Prevalence of maternal HIV infection in Scotland based on unlinked anonymous testing of newborn babies

Lancet. 1991 Jun 29;337(8757):1565-7. doi: 10.1016/0140-6736(91)93261-7.


Dried blood spot samples from newborn babies have been successfully tested for HIV-1 antibody by the particle agglutination method to assess the prevalence of infection in the mothers. In January, 1990, unlinked anonymous testing of Guthrie cards for HIV antibody was begun in Scotland. 99.6% of Scottish births were tested. 9 mothers spontaneously refused to allow testing of their baby's blood. Samples were coded by district postcodes. Eluates of 65,773 dried blood spots were initially tested for HIV-1 antibody with the Fujirebio technique. Of the 31 positive samples 19 were confirmed to be positive by enzyme-linked radioimmunoassay and western blot (seroprevalence 0.29 per 1000). All these samples came from large metropolitan areas on the east coast. Prevalences were 2.5 per 1000 for Edinburgh city, 1.4 per 1000 for Dundee, and 0.7 per 1000 for Aberdeen. We identified as HIV-positive all babies known to be so in named testing programmes. HIV testing of Guthrie cards can be used to monitor HIV status in mothers who have just given birth. The use of district postcode data in sample identification will allow accurate targetting of prevention strategies and early detection of spread of infection by geographic area.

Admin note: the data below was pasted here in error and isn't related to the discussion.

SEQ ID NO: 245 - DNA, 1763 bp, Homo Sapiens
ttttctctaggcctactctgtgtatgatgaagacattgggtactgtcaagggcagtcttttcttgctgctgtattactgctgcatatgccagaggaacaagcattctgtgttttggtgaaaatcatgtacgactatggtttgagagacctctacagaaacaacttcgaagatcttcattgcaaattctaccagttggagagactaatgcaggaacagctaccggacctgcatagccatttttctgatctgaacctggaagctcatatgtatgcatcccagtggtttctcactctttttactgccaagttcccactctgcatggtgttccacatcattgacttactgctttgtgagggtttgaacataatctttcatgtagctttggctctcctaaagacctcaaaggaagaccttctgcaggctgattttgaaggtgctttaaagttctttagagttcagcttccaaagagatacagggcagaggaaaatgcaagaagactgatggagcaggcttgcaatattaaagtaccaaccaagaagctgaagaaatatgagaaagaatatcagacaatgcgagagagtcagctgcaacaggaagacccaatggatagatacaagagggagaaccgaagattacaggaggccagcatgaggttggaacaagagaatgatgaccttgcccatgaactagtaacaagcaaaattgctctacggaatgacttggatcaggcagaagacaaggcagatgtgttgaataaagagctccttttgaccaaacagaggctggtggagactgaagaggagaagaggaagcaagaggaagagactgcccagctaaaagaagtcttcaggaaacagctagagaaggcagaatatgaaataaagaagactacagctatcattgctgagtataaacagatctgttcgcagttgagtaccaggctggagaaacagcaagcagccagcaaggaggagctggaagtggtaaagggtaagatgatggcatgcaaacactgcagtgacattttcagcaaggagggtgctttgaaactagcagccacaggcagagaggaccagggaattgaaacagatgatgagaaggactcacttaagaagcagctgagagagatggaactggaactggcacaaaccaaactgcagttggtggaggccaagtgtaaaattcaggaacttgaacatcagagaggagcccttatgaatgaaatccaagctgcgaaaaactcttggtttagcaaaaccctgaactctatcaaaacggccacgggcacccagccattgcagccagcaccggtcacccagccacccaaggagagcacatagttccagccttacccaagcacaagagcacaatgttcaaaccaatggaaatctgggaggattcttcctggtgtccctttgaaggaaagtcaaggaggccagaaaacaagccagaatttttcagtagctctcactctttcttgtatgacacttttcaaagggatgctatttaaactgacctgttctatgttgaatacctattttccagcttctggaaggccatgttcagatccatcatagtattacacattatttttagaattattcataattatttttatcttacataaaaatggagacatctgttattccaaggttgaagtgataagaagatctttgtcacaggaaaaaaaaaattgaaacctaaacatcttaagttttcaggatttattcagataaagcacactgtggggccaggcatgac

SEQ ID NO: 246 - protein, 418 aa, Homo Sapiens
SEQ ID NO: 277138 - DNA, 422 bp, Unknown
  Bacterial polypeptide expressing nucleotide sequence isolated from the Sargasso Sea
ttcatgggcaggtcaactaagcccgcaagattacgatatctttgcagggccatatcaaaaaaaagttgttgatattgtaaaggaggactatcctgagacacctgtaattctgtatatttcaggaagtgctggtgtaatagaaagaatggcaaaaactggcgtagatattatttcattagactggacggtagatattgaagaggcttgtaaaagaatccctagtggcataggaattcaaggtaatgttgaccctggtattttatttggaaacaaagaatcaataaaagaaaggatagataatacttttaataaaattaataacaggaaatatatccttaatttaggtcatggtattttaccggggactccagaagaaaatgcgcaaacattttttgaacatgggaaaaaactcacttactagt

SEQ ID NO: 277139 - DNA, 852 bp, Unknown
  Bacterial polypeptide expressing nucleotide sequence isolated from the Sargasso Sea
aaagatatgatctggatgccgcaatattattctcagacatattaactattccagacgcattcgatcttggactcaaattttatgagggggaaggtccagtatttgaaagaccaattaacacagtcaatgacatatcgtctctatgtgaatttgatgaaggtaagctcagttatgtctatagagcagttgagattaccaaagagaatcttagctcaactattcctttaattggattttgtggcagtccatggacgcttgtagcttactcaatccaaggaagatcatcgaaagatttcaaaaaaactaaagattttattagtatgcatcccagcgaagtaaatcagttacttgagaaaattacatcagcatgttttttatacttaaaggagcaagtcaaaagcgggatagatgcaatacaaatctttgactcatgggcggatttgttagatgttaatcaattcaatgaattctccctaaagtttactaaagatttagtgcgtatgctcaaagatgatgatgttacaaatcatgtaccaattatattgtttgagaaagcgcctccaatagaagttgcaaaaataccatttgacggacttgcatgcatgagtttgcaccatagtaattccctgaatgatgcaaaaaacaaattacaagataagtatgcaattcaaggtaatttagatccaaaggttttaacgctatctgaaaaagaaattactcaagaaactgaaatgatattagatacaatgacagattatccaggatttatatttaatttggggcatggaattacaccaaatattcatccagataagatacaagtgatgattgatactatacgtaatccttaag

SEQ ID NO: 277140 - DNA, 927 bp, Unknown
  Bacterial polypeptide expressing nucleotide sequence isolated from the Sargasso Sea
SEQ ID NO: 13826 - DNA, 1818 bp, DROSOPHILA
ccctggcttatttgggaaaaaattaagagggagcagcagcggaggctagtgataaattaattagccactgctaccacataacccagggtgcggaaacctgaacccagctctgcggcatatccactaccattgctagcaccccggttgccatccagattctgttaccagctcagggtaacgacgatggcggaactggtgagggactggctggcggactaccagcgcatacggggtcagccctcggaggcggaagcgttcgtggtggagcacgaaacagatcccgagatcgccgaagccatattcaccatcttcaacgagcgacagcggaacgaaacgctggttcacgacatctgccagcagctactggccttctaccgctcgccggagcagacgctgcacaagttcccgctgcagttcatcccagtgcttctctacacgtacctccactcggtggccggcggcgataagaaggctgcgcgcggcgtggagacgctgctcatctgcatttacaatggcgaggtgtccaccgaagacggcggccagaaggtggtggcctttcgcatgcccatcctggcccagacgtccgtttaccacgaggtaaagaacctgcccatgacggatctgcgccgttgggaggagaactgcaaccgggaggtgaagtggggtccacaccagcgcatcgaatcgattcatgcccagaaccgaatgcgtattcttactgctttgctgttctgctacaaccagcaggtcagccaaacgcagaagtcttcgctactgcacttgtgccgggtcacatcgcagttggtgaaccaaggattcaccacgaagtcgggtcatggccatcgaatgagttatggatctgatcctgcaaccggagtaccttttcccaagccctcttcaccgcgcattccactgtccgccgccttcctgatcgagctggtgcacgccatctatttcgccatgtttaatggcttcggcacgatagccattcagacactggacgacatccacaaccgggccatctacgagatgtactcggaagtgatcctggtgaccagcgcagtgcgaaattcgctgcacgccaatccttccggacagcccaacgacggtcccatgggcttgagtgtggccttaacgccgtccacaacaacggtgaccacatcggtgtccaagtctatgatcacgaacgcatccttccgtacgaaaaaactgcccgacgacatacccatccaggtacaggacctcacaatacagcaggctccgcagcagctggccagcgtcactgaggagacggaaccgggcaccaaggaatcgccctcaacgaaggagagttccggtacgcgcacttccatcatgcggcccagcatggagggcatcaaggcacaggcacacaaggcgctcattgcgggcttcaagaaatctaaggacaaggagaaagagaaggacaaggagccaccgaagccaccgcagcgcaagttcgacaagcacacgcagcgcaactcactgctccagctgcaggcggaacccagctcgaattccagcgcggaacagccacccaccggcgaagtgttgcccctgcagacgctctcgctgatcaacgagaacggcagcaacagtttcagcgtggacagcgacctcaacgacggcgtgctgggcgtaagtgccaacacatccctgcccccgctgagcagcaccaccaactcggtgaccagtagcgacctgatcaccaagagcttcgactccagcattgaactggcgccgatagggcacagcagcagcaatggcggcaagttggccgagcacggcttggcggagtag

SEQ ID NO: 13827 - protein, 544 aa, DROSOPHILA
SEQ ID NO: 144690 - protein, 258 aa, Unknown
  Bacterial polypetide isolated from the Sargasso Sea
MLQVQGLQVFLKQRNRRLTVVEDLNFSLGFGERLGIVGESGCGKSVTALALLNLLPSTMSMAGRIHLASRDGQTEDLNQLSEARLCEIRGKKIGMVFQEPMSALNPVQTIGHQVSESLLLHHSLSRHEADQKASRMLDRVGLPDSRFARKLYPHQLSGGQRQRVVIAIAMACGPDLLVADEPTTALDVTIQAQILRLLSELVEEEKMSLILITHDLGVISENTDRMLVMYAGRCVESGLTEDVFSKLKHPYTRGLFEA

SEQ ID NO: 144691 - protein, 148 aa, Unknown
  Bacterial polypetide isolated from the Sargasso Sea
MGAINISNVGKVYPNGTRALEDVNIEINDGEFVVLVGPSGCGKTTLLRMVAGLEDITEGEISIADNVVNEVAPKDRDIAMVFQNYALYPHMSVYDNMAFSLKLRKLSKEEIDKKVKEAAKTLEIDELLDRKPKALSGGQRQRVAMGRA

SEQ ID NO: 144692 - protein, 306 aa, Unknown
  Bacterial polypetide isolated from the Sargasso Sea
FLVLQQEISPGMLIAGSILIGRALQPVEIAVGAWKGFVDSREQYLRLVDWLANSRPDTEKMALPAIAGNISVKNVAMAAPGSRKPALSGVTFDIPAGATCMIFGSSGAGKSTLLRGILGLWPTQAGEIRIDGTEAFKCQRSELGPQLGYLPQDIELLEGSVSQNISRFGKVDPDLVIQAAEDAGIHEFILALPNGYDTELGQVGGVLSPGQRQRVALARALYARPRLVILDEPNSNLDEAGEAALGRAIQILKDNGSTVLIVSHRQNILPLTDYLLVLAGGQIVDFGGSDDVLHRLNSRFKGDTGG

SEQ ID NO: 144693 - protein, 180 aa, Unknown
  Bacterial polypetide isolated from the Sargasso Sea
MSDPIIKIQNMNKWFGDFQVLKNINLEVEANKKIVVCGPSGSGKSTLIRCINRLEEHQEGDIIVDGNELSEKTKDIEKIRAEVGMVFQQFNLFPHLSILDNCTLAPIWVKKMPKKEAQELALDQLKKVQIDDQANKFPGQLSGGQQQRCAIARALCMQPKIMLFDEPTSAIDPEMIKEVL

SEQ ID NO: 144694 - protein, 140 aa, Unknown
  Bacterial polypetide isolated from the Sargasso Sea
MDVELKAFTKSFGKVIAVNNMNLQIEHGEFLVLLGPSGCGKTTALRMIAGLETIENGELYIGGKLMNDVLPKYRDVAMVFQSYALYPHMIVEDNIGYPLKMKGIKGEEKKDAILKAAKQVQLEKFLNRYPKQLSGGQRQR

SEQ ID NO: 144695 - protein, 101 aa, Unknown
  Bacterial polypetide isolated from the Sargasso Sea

Publication types

  • Comparative Study
  • Research Support, Non-U.S. Gov't

MeSH terms

  • Agglutination Tests
  • Confidentiality
  • Disease Outbreaks*
  • Evaluation Studies as Topic
  • Female
  • HIV Antibodies / analysis*
  • HIV Seropositivity / epidemiology*
  • HIV Seroprevalence*
  • Humans
  • Infant, Newborn
  • Pregnancy
  • Pregnancy Complications, Infectious / epidemiology*
  • Pregnancy Complications, Infectious / immunology
  • Reagent Kits, Diagnostic / standards
  • Scotland / epidemiology
  • Seroepidemiologic Studies
  • Urban Health


  • HIV Antibodies
  • Reagent Kits, Diagnostic